Edited by Léo-Paul Dana and Robert B. Anderson
Chapter 2: Brave Spirits on New Paths: Toward a Globally Relevant Paradigm of Indigenous Entrepreneurship Research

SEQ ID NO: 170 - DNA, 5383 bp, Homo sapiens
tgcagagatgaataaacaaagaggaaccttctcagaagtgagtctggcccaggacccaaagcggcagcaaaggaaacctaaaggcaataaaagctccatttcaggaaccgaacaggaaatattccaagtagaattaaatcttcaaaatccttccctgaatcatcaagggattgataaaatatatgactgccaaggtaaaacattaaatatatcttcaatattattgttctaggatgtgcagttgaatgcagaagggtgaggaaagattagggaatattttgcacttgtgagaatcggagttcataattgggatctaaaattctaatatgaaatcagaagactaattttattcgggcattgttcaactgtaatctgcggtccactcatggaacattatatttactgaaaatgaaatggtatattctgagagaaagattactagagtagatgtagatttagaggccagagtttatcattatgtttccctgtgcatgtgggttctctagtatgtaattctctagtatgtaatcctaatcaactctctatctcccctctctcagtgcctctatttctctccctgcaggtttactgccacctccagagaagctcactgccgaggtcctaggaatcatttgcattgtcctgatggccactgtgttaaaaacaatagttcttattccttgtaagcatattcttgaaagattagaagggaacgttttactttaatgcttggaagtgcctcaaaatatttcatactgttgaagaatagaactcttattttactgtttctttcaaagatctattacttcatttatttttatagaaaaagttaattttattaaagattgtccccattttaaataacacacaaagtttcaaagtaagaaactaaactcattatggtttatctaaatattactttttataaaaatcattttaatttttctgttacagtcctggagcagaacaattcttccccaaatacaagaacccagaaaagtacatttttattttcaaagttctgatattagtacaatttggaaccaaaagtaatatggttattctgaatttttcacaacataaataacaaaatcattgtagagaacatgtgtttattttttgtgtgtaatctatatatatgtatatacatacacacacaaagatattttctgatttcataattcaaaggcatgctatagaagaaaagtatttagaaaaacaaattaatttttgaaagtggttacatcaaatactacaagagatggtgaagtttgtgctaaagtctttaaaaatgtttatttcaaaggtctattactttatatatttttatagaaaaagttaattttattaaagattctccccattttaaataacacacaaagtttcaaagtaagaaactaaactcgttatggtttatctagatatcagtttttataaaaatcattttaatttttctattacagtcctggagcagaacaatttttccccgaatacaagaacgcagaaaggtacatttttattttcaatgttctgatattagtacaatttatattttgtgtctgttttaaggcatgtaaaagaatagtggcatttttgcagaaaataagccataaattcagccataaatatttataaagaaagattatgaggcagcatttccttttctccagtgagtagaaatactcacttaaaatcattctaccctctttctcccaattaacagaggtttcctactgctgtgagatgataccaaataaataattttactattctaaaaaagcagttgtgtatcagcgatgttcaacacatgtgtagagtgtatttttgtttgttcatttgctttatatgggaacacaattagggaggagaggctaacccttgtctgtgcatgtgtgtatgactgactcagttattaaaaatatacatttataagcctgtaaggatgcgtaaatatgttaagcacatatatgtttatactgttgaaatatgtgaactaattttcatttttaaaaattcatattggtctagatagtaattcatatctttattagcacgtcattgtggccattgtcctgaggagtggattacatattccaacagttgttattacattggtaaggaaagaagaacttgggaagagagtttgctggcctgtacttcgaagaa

Kevin Hindle and Michele Lansdowne Introduction This chapter reports a quest to articulate a globally relevant research paradigm of Indigenous entrepreneurship. In this ﬁeld, there is an expanding volume of activity in at least ﬁve areas: journalistic investigation (we have assembled a database of over 800 nonrefereed periodical articles on American Indian entrepreneurship alone); government policy and programme creation; attention from the established business community (Allen Consulting, 2001); academic investigation (Anderson, 2002) and, most importantly, by Indigenous communities and leaders (Daly, 1994; Hunter, 1999; Pearson, 1999; Trudgen, 2001). The absence of an explicit, globally relevant, research paradigm prevents the achievement of both cumulative eﬀects accruing to research eﬀorts and useful comparison between various policy and programme initiatives. We can no longer avoid the fundamental, research paradigm questions. What are the boundaries of this ﬁeld? What should be studied within it? In all nations with signiﬁcant Indigenous minorities, the economic and social deprivation of Indigenous peoples has long been of deep policy concern, but both debate and administration of the issues (particularly the welfare issue) have not been in Indigenous control. Whether the intentions of non-Indigenous governance and aid agencies have been malicious or benign, the result of taking responsibility out of Indigenous hands has resulted in a handout culture (Pearson, 1999). Stimulation of Indigenous entrepreneurship has the potential to repair much of the damage through creation of an enterprise culture, which fully respects Indigenous traditions but empowers Indigenous people as economic agents in a globally competitive modern...
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